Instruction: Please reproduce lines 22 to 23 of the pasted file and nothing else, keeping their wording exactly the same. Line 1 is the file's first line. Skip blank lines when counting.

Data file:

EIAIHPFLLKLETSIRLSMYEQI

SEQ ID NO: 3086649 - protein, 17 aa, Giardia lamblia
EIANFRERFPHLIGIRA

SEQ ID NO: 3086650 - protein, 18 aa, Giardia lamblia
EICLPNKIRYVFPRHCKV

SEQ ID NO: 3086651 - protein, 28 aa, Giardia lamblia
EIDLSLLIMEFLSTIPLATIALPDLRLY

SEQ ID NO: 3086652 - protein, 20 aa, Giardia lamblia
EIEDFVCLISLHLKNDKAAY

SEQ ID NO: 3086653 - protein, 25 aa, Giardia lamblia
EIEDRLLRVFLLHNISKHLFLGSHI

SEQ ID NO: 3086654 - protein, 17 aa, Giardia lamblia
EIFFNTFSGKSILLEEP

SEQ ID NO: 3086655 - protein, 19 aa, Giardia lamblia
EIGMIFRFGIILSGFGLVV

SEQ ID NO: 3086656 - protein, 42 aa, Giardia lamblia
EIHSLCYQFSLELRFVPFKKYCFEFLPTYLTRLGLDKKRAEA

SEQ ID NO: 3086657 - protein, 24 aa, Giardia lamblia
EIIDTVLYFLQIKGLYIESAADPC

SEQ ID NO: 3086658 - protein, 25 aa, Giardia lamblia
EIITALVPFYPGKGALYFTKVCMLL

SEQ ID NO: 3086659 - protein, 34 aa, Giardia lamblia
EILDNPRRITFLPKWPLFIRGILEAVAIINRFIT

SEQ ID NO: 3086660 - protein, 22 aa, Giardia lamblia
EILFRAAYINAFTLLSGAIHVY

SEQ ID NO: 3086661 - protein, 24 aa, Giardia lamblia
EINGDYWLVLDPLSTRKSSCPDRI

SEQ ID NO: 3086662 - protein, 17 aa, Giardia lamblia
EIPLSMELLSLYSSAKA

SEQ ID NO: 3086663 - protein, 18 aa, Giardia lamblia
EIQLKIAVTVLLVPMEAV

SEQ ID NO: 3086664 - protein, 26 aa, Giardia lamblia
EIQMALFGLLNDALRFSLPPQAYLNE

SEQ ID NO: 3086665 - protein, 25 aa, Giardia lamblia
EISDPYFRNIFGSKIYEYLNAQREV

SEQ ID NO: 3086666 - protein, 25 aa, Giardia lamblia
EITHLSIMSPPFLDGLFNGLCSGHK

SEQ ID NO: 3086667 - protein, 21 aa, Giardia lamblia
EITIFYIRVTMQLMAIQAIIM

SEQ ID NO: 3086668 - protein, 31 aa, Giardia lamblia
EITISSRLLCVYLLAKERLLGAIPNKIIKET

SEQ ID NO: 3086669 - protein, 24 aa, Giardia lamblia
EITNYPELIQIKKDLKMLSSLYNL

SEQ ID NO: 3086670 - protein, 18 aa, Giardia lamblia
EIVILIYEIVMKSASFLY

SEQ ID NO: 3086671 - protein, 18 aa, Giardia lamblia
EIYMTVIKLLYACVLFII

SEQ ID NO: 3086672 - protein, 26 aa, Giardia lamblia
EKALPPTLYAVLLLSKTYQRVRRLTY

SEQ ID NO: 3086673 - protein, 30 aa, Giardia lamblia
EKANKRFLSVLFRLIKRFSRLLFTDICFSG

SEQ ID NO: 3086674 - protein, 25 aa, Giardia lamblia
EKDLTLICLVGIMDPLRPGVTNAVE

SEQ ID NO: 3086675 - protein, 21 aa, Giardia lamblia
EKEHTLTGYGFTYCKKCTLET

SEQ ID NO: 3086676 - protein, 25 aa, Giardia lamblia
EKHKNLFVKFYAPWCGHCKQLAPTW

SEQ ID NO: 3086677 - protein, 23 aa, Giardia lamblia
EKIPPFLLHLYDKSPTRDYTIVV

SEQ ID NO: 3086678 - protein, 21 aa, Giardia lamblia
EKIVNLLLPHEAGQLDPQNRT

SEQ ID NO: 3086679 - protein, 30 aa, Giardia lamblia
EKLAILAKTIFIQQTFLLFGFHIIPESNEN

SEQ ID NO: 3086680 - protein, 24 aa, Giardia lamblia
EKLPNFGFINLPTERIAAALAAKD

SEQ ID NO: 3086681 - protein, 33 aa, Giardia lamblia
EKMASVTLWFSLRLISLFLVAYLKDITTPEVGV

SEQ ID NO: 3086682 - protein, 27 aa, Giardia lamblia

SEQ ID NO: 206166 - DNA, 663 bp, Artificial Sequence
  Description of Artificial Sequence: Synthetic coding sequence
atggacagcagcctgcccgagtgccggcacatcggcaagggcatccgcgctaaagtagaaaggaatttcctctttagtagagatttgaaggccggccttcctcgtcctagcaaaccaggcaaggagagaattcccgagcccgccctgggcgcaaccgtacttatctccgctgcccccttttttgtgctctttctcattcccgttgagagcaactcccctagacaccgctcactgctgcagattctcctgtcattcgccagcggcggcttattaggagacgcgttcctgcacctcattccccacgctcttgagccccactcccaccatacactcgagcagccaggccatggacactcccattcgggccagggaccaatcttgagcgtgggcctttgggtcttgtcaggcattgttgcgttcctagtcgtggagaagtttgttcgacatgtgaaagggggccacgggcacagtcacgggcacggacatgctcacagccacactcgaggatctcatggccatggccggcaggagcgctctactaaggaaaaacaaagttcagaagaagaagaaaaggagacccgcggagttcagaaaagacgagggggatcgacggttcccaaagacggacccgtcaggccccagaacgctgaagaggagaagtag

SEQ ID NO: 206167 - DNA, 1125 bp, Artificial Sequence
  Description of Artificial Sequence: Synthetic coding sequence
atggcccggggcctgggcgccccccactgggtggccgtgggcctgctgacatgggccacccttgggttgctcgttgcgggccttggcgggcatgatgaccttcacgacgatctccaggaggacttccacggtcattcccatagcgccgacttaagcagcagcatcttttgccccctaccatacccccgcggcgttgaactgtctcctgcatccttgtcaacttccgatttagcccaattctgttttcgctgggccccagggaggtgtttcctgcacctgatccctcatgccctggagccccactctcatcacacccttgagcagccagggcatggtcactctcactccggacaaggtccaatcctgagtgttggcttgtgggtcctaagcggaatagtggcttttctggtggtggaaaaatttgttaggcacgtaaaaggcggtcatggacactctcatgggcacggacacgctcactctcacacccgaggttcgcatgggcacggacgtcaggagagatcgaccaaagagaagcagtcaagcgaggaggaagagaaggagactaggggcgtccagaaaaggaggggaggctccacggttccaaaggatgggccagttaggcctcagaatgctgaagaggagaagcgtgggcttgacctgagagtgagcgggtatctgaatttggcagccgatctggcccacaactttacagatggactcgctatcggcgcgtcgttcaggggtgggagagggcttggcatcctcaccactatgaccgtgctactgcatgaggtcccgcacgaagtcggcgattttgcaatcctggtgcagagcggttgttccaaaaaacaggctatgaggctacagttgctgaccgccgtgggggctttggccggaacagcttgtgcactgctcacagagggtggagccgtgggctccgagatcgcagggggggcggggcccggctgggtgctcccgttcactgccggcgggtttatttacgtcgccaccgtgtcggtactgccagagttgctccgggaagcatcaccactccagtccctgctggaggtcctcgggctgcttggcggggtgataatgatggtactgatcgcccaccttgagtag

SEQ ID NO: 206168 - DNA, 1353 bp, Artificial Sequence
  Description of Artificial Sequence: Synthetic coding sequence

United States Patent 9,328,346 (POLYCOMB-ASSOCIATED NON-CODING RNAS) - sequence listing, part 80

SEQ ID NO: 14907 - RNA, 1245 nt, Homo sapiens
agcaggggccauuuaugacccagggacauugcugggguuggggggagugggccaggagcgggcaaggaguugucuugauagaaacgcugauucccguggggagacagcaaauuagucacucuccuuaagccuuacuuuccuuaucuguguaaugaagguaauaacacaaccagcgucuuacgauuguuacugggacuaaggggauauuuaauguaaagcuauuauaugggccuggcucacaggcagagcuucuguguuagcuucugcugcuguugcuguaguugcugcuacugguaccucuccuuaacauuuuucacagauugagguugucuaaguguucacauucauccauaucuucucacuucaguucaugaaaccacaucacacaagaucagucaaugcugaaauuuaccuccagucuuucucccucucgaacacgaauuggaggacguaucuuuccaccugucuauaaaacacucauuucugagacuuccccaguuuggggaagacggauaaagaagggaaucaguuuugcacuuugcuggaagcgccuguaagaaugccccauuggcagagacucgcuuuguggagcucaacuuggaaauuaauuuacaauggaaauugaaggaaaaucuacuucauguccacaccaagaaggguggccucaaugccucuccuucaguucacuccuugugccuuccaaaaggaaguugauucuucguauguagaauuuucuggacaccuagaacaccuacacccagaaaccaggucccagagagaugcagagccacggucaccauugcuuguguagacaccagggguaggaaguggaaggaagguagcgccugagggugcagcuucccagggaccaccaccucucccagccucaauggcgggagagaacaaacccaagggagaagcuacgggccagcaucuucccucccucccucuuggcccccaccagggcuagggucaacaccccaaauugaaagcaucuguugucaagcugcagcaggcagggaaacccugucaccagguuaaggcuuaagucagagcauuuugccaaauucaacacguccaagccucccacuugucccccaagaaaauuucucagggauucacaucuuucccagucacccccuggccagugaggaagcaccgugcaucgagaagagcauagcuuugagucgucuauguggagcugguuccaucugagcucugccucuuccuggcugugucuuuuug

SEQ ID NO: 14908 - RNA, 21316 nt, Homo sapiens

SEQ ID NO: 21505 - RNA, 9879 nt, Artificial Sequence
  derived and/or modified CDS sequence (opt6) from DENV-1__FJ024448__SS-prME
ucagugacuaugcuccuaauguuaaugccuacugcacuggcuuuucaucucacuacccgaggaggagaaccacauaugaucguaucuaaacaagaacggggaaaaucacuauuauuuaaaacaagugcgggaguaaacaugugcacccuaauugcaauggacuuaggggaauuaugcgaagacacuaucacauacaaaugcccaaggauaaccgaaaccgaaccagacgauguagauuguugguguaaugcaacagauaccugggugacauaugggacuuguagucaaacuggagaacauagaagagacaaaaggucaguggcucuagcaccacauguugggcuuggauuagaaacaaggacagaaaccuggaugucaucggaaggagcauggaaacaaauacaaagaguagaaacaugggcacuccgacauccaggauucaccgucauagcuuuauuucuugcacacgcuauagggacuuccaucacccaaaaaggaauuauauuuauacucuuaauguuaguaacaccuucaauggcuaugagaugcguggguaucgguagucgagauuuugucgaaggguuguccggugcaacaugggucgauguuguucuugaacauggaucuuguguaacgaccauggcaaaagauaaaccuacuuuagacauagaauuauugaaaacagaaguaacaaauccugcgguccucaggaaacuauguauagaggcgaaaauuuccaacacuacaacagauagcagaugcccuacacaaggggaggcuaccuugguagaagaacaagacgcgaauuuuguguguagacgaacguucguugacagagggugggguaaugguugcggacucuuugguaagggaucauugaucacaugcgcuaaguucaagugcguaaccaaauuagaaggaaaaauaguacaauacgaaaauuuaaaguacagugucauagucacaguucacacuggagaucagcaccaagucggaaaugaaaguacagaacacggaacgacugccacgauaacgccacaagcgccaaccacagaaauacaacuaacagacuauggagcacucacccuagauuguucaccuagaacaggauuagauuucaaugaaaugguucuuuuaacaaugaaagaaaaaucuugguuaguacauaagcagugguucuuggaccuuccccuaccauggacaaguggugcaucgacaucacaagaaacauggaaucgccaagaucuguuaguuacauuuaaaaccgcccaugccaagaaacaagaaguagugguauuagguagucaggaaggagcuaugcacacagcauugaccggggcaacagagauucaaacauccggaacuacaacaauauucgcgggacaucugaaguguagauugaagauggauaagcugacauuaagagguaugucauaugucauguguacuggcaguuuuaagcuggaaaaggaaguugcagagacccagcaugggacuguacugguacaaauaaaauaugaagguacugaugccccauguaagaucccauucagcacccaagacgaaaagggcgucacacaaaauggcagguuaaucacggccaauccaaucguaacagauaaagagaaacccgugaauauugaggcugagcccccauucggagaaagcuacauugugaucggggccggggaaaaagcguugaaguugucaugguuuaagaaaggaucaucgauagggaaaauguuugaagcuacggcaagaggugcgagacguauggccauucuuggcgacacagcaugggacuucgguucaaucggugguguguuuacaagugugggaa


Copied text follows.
SEQ ID NO: 3086659 - protein, 34 aa, Giardia lamblia
EILDNPRRITFLPKWPLFIRGILEAVAIINRFIT